It’s hard to sometimes tell when your dough is strong enough and has had enough time to build sufficient gluten development. I usually determine this by the amount it has risen (around 30% is good), small bubbles throughout, and the amount it resists snapping back after you turn it. But, there is another popular way for determining gluten strength: the “windowpane” method. To do this you can tear off a small chunk of your dough and stretch it out between your two hands. If the dough stretches out so thin that you can see light passing through but no tears, then your dough is ready.

Pre-shape – 3:15pm

Take the dough out of the container onto your unfloured work surface and sprinkler some flour on top before dividing. Divide the mass into two halves and flour the top of each half. I made one half slightly larger than the other as I wanted a longer rectangular loaf. Flip one half over using your dough knife and your hand, then gently bend the 4 sides of the dough from under to the top. Using the knife flip the mass so the new seam is on the counter and spin it a few times to create a bit of tension. Set a timer for 40 minutes and let it bench rest.

Shape – 3:55pm

With the larger half of dough, I wanted to try a different Tartine shaping technique (it was worth it) in an attempt to get a longer loaf that is more of a batard than a boule. You can see the shaping method here by Chad Robertson of Tartine Bread himself. It takes a bit of practice, but I believe the results are worth it.

Take the other smaller half of dough and follow my usual boule shaping method outlined here. This method is pretty tried and true and not super difficult, even with higher hydration doughs such as this.

Proof – 4:00pm

Place towels into small mixing bowls, or bannetons, and dust with white rice flour. These baskets will hold the dough as they proof in the fridge overnight. Take your dough and place them into the baskets, then place both of the baskets into the fridge for an overnight proof.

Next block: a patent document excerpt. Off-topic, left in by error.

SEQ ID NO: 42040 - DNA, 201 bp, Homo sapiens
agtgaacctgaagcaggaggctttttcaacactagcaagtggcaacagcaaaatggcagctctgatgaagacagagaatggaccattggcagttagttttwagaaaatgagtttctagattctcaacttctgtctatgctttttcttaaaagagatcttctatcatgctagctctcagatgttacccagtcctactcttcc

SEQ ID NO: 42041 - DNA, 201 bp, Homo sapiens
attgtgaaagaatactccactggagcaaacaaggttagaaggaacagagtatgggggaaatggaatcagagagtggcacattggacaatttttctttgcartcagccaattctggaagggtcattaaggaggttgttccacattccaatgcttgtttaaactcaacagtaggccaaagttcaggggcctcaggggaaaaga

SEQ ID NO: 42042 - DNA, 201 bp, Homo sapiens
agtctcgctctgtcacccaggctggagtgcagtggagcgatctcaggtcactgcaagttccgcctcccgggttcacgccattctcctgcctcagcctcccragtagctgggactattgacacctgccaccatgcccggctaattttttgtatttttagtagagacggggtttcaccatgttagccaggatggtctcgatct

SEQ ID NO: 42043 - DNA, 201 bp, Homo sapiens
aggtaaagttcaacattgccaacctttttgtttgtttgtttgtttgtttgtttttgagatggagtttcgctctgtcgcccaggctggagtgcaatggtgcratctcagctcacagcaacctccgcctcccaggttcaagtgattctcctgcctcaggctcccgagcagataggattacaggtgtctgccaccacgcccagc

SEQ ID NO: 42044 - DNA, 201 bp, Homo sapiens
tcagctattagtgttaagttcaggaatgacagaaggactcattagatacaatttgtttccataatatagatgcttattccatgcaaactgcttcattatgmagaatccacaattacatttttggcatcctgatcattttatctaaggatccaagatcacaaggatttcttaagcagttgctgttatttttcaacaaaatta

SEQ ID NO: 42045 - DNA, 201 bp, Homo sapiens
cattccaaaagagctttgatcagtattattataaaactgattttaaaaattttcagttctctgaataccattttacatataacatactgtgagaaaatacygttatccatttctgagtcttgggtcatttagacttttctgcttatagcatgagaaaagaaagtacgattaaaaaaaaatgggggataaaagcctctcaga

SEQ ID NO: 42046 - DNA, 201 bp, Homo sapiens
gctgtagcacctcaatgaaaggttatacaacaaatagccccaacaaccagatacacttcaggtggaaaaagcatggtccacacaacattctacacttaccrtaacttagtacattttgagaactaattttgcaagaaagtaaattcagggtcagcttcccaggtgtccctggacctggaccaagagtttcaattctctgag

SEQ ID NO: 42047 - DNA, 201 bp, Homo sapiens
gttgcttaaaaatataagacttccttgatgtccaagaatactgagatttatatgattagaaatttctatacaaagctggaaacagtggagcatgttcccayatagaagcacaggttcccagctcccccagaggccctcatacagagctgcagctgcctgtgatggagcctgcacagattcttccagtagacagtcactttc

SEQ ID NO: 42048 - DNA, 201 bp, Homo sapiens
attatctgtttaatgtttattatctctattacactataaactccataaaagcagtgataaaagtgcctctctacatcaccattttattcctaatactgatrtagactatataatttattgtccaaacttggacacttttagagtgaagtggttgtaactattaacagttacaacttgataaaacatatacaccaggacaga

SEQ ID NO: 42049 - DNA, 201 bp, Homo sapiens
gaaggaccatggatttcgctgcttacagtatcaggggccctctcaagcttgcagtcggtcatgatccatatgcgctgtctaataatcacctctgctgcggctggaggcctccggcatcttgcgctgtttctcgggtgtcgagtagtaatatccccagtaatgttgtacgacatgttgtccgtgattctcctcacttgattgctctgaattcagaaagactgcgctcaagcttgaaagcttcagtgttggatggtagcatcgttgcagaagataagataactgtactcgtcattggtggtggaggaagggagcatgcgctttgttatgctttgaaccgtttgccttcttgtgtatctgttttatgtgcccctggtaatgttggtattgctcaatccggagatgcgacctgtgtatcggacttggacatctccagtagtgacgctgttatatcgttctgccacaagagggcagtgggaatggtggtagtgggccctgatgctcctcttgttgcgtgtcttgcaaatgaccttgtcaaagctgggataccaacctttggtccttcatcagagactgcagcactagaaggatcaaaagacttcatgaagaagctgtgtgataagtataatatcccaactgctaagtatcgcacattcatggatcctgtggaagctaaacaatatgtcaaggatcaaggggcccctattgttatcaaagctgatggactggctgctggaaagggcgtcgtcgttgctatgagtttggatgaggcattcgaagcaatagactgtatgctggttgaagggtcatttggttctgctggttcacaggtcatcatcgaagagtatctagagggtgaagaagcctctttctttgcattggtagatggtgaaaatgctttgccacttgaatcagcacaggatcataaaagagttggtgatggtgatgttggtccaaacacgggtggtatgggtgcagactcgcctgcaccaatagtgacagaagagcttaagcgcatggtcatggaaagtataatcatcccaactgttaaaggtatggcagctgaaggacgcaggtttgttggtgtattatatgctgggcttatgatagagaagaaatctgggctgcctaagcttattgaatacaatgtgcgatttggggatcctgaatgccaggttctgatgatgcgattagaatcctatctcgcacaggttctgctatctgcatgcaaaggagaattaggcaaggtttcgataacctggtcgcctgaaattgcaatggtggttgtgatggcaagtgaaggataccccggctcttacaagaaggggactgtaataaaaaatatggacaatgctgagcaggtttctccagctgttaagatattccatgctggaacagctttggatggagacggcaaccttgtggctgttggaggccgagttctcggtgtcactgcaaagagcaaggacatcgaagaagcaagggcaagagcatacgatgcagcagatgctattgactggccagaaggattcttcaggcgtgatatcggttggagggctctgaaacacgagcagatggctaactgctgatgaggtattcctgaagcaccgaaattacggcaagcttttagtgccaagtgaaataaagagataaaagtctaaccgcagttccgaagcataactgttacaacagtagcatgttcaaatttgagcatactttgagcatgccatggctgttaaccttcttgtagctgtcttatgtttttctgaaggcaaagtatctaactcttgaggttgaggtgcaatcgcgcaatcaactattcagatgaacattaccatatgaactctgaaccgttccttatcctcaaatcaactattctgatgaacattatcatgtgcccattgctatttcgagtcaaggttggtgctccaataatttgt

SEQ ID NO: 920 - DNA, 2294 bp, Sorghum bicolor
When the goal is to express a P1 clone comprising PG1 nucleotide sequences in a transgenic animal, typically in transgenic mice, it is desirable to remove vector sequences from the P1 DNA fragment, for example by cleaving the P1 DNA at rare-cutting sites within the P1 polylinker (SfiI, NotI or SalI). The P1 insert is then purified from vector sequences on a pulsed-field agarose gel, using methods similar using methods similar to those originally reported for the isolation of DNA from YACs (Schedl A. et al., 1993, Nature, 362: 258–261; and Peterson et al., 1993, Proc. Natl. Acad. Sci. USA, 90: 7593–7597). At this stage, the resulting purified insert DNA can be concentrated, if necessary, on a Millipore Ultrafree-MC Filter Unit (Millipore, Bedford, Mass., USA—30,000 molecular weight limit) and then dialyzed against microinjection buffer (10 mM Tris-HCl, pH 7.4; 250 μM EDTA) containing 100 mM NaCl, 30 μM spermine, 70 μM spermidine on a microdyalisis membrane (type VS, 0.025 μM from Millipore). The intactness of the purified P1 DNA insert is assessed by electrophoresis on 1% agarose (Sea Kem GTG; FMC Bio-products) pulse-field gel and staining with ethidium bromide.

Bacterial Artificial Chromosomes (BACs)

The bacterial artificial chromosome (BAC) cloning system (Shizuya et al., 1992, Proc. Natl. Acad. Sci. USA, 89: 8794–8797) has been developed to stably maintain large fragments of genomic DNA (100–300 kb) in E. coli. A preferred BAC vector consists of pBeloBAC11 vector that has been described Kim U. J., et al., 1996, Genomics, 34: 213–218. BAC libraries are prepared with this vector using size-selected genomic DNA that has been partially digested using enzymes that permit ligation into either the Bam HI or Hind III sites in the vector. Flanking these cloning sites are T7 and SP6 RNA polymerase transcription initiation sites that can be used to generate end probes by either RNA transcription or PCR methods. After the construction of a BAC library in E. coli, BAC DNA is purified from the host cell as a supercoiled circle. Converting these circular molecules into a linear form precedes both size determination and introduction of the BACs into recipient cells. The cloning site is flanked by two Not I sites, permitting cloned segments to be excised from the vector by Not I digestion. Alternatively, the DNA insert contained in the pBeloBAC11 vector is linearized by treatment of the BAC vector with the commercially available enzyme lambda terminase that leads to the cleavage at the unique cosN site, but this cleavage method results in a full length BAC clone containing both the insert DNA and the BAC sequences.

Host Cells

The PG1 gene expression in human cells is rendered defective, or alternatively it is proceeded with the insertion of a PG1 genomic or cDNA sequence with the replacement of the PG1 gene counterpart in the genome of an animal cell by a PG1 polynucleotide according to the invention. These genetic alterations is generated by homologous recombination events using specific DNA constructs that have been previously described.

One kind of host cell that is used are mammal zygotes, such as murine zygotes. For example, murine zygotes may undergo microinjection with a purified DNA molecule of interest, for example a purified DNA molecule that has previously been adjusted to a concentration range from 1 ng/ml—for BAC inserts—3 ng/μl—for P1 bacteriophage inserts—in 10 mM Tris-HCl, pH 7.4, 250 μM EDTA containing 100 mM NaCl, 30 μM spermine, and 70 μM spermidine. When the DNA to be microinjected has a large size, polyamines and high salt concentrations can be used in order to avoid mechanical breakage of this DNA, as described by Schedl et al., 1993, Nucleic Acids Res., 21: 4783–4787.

If you follow the times I’ve listed here you can generally see my proof times are around 16-18 hours long. That’s a long time! I think normally when you go this long, even in a cold environment, you would get a more sour loaf than what I end up with. One reason my loaves end up having just a hint of sourness is because of the way I manage my starter. I feed it regularly 3 times a day, once when waking, once in the mid-day, and once before bed.  These frequent feedings, combined with only transferring a small amount of starter to the new feeding, keeps the acid load very low. In my previous post I outlined exactly how I keep my starter “young” by following this method, if you’re interested head over and read about my feeding schedule and for a more “advanced” discussion, how I manage my starter.

Tartine country walnut sourdough ready for proof

Score + Bake – 9:00am

Gather your tools (for a complete list of the tools I used most, check out my baking tools page):

  1. Razor blade for scoring
  2. Parchment paper
  3. Pizza peel
  4. Pizza stone